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Today’s News - Friday, October 10, 2014

EDITOR'S NOTE: Monday is next week's "floating" no-newsletter day. We'll be back Tuesday, October 14.

•   ANN Feature: Crosbie joins the starchitect debate in defense of Willis, and explains why the discussion isn't stupid: "Starchitecture is just a symptom of a much bigger problem in the profession."

•   Speaking of starchitects, Bevan sits down with Piano in Paris to discuss "the Stirling Prize, the Shard, and being a radical - is he still that 1960s hippie radical; is the Shard really avant-garde?" (and gets in his own licks about the tower's "Ministry of Truth quality").

•   Green reports from the EcoDistricts Summit that explored urban revitalization and gentrification: "new discussions of turning existing urban neighborhoods into 'ecodistricts' may just be gentrification in a green dress."

•   Salt Lake City takes a different tack when it comes to the homeless: instead of jailing them, they're given homes; now the city spends $9.6 million instead of $40 million annually, and chronic homelessness has dropped 72% (wow - they might be on to something!).

•   Ivy makes the case that good design "can make a big difference in actual physical as well as mental well-being," and has "a profound impact on the health of individuals and the public at large."

•   Providence, RI, "has been trying to figure out how to best utilize" its historic central Kennedy Plaza for about as long as it's been around, but things are looking up.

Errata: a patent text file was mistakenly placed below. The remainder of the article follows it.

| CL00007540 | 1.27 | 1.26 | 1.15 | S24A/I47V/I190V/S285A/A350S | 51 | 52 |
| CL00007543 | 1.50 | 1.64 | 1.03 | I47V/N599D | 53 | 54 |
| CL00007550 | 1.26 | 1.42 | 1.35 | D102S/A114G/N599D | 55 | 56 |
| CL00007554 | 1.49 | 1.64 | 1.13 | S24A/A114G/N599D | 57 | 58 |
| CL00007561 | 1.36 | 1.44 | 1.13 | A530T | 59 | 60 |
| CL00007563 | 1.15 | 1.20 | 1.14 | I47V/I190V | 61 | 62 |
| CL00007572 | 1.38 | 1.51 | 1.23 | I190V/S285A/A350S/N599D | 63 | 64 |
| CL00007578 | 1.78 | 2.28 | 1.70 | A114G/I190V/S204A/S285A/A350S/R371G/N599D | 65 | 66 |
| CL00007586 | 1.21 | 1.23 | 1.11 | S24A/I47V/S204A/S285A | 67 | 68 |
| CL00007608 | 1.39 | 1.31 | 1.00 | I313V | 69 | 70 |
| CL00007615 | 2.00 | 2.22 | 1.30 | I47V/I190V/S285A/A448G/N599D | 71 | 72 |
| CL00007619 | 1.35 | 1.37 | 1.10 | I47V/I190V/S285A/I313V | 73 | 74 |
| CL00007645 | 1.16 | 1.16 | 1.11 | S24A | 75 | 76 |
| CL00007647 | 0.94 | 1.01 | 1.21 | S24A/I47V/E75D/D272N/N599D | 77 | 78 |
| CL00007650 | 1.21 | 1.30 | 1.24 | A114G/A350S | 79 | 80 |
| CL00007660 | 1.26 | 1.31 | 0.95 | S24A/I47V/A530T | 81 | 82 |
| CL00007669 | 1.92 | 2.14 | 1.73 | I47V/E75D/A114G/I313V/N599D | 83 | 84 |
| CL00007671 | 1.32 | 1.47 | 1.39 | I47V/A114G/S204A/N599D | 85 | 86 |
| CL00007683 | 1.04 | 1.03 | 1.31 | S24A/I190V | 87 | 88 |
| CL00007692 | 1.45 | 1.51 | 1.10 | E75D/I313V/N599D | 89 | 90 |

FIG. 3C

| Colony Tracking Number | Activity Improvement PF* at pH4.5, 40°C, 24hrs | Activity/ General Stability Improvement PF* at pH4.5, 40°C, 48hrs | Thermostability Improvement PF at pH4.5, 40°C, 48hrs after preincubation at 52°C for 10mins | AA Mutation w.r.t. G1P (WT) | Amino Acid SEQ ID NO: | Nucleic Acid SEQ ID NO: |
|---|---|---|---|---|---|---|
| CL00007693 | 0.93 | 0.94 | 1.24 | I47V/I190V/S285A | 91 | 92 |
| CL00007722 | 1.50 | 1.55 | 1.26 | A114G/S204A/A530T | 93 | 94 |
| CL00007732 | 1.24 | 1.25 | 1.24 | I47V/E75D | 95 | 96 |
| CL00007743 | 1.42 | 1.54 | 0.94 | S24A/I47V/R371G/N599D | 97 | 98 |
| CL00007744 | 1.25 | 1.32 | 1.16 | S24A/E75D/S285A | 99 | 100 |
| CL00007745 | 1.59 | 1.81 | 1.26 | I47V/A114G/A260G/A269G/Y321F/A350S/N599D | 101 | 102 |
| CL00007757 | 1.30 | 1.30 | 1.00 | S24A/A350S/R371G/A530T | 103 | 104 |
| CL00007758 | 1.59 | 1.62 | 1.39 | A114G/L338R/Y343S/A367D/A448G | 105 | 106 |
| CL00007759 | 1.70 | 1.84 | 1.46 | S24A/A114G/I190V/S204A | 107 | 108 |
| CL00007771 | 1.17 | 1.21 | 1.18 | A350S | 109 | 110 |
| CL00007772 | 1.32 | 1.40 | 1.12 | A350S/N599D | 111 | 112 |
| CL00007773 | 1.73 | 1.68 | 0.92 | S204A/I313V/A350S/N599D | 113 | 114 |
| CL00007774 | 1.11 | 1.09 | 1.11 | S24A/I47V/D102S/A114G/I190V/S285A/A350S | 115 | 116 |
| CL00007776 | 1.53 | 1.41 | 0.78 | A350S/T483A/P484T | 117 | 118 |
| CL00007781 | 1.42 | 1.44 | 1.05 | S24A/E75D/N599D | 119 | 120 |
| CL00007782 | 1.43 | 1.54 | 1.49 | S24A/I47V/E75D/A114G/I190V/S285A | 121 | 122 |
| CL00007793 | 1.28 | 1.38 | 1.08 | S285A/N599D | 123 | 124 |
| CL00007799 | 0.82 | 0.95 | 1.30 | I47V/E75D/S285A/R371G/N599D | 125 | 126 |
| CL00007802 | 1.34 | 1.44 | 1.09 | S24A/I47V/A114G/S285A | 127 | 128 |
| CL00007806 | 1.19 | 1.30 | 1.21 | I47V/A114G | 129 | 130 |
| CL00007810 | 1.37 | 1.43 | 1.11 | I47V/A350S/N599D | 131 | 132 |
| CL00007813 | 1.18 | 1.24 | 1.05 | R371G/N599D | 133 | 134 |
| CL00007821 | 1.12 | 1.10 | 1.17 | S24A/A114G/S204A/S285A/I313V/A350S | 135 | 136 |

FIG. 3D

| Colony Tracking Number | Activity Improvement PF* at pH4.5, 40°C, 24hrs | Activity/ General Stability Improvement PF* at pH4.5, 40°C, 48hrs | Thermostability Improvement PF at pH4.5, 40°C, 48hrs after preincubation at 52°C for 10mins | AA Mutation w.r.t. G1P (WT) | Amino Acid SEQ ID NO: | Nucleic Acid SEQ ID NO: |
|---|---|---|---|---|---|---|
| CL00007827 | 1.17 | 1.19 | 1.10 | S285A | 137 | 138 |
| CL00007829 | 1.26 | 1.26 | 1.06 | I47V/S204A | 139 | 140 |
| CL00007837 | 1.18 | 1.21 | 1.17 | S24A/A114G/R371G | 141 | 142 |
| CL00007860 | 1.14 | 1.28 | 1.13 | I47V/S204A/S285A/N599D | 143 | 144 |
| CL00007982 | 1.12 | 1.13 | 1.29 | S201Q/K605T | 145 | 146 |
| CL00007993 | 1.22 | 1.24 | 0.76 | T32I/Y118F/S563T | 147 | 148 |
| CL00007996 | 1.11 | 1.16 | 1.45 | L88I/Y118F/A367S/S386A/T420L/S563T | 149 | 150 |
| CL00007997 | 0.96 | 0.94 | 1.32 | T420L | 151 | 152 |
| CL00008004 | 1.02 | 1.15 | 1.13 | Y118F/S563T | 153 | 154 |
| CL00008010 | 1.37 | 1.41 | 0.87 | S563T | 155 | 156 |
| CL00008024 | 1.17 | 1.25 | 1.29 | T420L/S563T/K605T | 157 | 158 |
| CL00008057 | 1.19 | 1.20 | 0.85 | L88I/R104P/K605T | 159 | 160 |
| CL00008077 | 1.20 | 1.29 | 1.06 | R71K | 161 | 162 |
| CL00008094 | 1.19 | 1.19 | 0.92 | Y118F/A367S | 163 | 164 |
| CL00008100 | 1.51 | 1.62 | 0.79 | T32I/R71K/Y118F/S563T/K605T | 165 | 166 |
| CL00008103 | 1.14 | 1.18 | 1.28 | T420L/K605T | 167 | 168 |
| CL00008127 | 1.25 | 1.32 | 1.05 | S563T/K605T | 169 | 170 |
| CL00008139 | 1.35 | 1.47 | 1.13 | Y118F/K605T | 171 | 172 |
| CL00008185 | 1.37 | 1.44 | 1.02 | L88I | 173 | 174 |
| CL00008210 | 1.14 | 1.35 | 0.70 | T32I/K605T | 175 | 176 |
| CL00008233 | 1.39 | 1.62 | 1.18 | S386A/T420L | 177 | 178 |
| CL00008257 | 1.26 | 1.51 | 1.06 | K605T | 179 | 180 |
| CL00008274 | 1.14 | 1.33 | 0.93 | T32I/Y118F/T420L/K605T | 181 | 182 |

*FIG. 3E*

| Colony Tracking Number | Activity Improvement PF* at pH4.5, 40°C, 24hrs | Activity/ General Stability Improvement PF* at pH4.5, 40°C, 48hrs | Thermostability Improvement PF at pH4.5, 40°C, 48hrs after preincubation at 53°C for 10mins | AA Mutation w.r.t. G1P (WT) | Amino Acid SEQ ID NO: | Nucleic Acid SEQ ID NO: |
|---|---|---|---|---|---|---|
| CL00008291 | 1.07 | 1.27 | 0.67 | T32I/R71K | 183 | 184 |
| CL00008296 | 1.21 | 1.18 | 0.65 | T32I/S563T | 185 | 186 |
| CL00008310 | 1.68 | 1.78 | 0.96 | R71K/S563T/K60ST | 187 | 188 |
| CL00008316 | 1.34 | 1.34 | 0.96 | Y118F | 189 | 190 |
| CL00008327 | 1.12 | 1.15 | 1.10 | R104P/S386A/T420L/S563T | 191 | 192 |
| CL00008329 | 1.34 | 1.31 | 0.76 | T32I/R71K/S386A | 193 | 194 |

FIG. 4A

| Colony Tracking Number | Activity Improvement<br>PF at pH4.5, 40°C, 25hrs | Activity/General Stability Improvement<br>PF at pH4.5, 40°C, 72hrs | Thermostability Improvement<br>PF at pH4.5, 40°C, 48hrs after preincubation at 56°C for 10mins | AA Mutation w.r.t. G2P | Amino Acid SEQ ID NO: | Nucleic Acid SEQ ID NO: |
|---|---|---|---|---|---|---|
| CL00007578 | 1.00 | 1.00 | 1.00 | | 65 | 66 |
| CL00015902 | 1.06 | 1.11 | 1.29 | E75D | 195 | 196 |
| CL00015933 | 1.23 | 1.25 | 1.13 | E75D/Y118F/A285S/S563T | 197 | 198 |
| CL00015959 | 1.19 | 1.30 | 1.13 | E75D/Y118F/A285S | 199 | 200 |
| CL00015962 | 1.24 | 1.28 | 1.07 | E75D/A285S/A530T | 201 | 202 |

•   A Russian architect and professor of urban development evaluates DS+R's design for Moscow's Zaryadye Park, and is impressed with what he sees.

•   Dimendberg is none too pleased with plans to remove a DS+R art project from the façade of the Moscone Center West: "short-sightedness and provincialism may have trumped the commitment to supporting visionaries and cultural innovation on which San Francisco long has prided itself."

•   Rael and San Fratello devise a mortar- and rebar-free, quake-proof column made of 3-D-printed concrete that includes an ancient Incan masonry technique (code compliant, load-bearing walls could be next).

•   Weekend diversions:

•   Another (on- and off-screen) star-studded Architecture & Design Film Festival, New York is about to take center stage (we can't wait!).

•   Two firsts Down Under: Adelaide's first ever Festival of Architecture and Design + Brisbane hosts Australia's first Festival of Landscape Architecture.

•   World Wide Storefront takes on Los Angeles.

•   Bernstein finds out why Ranalli's "La Sagrada Familia" at CCNY isn't really about Gaudi: "The goal wasn't to further canonize Gaudi, but 'to shine a bright light on the collaborative potential of architecture'" (and hopefully make it "less narcissistic").

•   Bevan takes on Chinneck's full-scale "melting house" of wax on London's Southwark Street: "It's a fun idea but doesn't bear too close an examination" (but it's a good fit for the Merge Festival).

•   Vincent finds out how Chinneck melts and floats his two houses gracing London's streets: his "tricks make the area's street performers look mundane."

•   Capps dissects the über-technology behind Rodríguez-Gerada's six-acre portrait on the National Mall that is visible from space (fascinating!).

•   Ferro cheers Redstone's "Shooting Space," a "gorgeous" book that "examines the relationship between architect and photographer, man and landscape, imagery, and reality...and all the clutter associated with what buildings are actually for: people."



  


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